How does the phase of each wave vary (at a particular x) with time?
     
  8. Jul 26, 2012 #7
    The general solution for the wave equation


    [tex]\psi = {C_1}\exp \left[ {i\left( {\omega t - kz} \right)} \right] + {C_2}\exp \left[ { - i\left( {\omega t - kz} \right)} \right][/tex]


    in complex exponential format has two arbitrary complex constants C1 & C2
    This means there are four constants in all ReC1; Im C1; ReC2; Im C2
    In normal circumstances we require a wave with a real amplitude. This leads to boundary conditions that can only provide two constants.
    We can do this by restricting C2 to the complex conjugate of C1

    There are then 4 ways to write the wave, each with two arbitrary constants.



    [tex]\begin{array}{l}
    \psi = C\exp \left[ {i\left( {\omega t - kz} \right)} \right] + {C^*}\exp \left[ { - i\left( {\omega t - kz} \right)} \right] \\
    \psi = A\cos \left( {\omega t - kz + \phi } \right) \\
    \psi = {B_1}\cos \left( {\omega t - kz} \right) + {B_2}\sin \left( {\omega t - kz} \right) \\
    \psi = {\mathop{\rm Re}\nolimits} \{ D\exp [i\left( {\omega t - kz} \right)]\} \\
    {\mathop{\rm Re}\nolimits} \{ C\} = \frac{1}{2}{B_1} = \frac{1}{2}A\cos \phi \\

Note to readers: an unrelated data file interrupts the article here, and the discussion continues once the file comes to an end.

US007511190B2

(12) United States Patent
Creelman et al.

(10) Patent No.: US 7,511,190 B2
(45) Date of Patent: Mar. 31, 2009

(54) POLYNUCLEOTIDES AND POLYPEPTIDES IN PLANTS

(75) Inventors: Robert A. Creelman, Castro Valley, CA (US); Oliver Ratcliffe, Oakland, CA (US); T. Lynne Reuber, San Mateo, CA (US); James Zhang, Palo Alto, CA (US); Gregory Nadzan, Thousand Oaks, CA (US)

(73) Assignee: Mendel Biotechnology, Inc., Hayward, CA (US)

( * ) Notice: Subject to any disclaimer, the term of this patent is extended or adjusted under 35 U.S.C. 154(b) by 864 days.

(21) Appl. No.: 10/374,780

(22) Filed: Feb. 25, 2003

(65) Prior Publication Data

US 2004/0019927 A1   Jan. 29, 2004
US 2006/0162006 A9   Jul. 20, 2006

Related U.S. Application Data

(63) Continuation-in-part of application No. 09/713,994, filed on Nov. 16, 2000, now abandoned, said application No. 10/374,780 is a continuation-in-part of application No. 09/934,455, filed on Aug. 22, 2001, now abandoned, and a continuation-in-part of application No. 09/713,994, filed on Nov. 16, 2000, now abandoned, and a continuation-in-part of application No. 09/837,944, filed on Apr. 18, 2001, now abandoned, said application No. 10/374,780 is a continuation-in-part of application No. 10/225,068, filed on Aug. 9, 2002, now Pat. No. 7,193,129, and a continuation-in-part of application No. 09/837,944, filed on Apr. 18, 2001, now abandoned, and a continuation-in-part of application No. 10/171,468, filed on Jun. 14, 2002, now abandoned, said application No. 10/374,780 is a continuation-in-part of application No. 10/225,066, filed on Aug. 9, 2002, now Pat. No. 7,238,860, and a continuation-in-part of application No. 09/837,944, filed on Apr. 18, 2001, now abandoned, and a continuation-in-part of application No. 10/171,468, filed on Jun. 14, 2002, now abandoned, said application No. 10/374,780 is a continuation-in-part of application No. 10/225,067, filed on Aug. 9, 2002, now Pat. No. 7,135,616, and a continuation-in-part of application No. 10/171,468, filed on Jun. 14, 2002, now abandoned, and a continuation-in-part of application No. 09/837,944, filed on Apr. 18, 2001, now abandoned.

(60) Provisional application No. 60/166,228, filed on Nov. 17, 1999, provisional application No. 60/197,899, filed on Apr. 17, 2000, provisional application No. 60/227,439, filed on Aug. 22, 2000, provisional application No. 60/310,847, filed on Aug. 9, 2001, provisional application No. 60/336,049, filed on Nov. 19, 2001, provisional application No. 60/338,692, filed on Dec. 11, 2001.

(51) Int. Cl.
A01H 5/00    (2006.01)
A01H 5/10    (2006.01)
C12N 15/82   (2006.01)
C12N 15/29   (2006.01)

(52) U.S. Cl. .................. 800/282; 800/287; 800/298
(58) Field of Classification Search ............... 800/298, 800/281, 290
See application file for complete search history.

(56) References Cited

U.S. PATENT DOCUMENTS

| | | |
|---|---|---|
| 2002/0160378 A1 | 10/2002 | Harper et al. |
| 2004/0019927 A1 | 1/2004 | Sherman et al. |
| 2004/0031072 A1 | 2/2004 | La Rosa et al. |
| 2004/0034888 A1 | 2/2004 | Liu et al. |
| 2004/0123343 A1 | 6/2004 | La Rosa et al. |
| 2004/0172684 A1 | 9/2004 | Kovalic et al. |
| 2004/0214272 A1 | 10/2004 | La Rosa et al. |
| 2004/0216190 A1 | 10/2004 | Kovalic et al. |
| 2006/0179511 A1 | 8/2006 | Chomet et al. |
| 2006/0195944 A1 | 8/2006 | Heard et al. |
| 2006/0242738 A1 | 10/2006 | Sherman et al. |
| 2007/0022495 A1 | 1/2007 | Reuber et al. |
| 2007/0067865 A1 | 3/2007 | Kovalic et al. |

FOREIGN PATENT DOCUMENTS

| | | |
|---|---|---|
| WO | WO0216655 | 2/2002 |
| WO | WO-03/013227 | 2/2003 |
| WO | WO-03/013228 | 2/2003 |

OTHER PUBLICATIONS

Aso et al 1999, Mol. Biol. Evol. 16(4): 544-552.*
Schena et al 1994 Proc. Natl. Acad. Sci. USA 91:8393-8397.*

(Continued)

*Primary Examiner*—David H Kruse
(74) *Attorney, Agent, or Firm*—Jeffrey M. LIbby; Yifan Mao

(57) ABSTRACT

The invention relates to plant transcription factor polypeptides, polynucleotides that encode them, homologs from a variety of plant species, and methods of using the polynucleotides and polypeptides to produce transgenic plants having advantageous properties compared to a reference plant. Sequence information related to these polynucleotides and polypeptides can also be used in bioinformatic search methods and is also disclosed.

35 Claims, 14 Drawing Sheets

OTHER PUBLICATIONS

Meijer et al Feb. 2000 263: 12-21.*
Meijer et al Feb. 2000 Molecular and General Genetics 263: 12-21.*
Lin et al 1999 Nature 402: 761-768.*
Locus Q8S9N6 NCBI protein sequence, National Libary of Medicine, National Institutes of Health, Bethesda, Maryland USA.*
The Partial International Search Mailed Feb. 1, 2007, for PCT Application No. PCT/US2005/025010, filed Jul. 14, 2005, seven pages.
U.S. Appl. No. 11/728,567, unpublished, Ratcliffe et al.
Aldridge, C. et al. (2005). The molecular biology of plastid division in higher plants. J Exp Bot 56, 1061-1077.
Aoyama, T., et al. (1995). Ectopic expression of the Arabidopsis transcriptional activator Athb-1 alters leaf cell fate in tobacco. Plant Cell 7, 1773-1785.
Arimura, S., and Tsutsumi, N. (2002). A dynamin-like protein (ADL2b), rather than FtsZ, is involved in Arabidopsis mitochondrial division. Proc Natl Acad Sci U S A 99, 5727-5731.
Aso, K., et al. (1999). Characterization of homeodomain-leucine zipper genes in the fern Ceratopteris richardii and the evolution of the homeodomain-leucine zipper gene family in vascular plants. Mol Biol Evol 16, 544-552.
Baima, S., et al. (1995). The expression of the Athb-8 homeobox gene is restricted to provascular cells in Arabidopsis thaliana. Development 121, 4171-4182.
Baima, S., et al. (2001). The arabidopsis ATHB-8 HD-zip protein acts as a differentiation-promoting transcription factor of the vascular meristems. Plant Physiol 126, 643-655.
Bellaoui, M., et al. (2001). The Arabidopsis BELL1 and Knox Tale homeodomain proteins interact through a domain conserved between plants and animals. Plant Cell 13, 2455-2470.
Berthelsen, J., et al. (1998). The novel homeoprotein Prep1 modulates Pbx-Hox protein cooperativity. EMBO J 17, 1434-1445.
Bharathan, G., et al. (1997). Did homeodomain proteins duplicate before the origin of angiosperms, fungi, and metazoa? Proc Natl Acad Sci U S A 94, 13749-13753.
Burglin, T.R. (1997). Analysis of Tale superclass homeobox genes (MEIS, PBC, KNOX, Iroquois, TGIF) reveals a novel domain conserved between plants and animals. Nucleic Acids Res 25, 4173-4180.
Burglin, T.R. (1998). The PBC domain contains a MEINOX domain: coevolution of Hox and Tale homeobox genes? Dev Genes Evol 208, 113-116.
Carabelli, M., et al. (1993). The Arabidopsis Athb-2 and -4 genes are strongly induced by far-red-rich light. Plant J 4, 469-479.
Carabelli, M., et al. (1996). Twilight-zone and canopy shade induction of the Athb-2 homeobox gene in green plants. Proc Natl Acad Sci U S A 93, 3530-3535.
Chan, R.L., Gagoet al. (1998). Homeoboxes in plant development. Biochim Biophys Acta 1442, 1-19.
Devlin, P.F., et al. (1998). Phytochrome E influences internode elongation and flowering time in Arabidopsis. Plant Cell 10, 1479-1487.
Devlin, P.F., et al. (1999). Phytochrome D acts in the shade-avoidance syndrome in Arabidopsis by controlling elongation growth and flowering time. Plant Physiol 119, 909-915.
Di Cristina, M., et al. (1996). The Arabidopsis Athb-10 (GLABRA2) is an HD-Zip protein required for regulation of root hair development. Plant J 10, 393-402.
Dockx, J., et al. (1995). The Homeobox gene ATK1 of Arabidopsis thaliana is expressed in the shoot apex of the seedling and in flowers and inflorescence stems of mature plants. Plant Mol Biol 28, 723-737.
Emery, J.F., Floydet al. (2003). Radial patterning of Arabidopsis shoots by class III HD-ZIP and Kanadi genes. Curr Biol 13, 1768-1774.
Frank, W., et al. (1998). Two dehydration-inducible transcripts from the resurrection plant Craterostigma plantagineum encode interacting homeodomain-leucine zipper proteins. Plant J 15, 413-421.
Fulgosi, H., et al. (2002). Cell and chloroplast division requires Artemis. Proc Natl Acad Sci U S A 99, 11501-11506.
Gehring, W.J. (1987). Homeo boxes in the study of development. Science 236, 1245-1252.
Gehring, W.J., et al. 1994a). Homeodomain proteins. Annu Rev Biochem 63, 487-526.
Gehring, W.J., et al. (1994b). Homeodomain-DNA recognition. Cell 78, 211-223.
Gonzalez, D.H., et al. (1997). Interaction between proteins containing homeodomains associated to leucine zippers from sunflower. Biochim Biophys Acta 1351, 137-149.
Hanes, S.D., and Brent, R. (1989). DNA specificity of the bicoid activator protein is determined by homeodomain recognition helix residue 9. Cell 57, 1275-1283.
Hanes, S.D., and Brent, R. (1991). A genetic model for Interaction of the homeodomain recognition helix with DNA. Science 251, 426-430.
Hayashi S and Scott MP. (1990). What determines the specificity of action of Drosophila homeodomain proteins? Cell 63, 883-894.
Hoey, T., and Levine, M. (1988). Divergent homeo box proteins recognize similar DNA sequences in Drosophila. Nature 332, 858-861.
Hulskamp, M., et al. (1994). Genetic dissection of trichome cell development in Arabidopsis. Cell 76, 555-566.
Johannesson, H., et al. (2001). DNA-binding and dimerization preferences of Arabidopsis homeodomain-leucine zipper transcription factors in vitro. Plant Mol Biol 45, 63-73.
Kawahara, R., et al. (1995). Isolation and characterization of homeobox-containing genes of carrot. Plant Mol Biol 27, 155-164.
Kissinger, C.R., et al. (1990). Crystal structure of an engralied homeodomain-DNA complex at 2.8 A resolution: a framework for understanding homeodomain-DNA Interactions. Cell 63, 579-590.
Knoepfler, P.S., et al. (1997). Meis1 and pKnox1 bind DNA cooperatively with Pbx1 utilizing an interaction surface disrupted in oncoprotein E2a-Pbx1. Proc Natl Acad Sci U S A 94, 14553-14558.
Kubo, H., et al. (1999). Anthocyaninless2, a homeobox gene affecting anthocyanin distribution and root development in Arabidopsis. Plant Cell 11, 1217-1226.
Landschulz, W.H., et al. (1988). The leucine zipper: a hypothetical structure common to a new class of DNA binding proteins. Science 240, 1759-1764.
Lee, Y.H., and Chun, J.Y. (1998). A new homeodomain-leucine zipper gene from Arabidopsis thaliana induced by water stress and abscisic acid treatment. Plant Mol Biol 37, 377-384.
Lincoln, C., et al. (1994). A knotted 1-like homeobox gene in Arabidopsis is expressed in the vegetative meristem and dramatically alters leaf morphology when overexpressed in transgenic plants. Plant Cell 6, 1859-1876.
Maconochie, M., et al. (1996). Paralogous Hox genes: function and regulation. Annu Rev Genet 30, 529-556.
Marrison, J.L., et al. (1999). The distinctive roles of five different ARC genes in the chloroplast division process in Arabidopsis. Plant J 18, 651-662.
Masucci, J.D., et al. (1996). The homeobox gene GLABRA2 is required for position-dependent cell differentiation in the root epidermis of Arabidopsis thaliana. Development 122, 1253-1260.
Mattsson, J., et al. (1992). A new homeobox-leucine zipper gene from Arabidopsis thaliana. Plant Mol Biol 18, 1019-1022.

{\mathop{\rm Im}\nolimits} \{ C\} = - \frac{1}{2}{B_2} = \frac{1}{2}A\sin \phi \\
    {\mathop{\rm Re}\nolimits} \{ D\} = A\cos \phi \\
    {\mathop{\rm Im}\nolimits} \{ D\} = A\sin \varphi \\
    \end{array}[/tex]

    Unless you get the complex conjugate in your second expression you will get a mismatch.

    Edit
    Note it is conventional to write wt-kz not wt+kz. This really does not matter since k, w can be positive or negative so it will amount to the same thing and the sign will be taken care of in the calculation.
     
    Last edited: Jul 26, 2012
  9. Jul 26, 2012 #8

    Simon Bridge

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    Students are often more comfortable with kz-wt ... from the derivation from the space distribution.

    An arbitrary distribution in space, at t=0, may be: [itex]\psi(z,0)=f(z)[/itex] ... if it travels in the +z direction with speed v then [itex]\psi(z,t)=f(z-vt)[/itex].

    For a sine wave, we write [itex]f(z)=A\cos(kz):k=2\pi/\lambda[/itex]
    So, if we want this to travel in the +z direction it becomes [tex]\psi(z,t)=A\cos(k(z-vt))[/tex]... and we realize that [itex]kv=\omega[/itex] because [itex]v=\nu \lambda[/itex] and [itex] \omega = 2\pi \nu[/itex].

    Of course, from the symmetry of the cosine: [itex]\psi(z,t)=A\cos(kz-\omega t) = A\cos(\omega t - kz)[/itex] so it's all six of one and a half-dozen of the other :)

    But I was thinking that, although there are several ways that the two phasor representations can be considered different, you only see the difference mattering in things like quantum mechanics where the complex part can be responsible for the interference terms. So I am curious to find out what the actual problem was that meant the two representations did not give the same answer. Classically, something that relies on the phase angle would do this.

    It may even be something as simple as making a mistake... nothing deep from the math at all.
     
  10. Jul 26, 2012 #9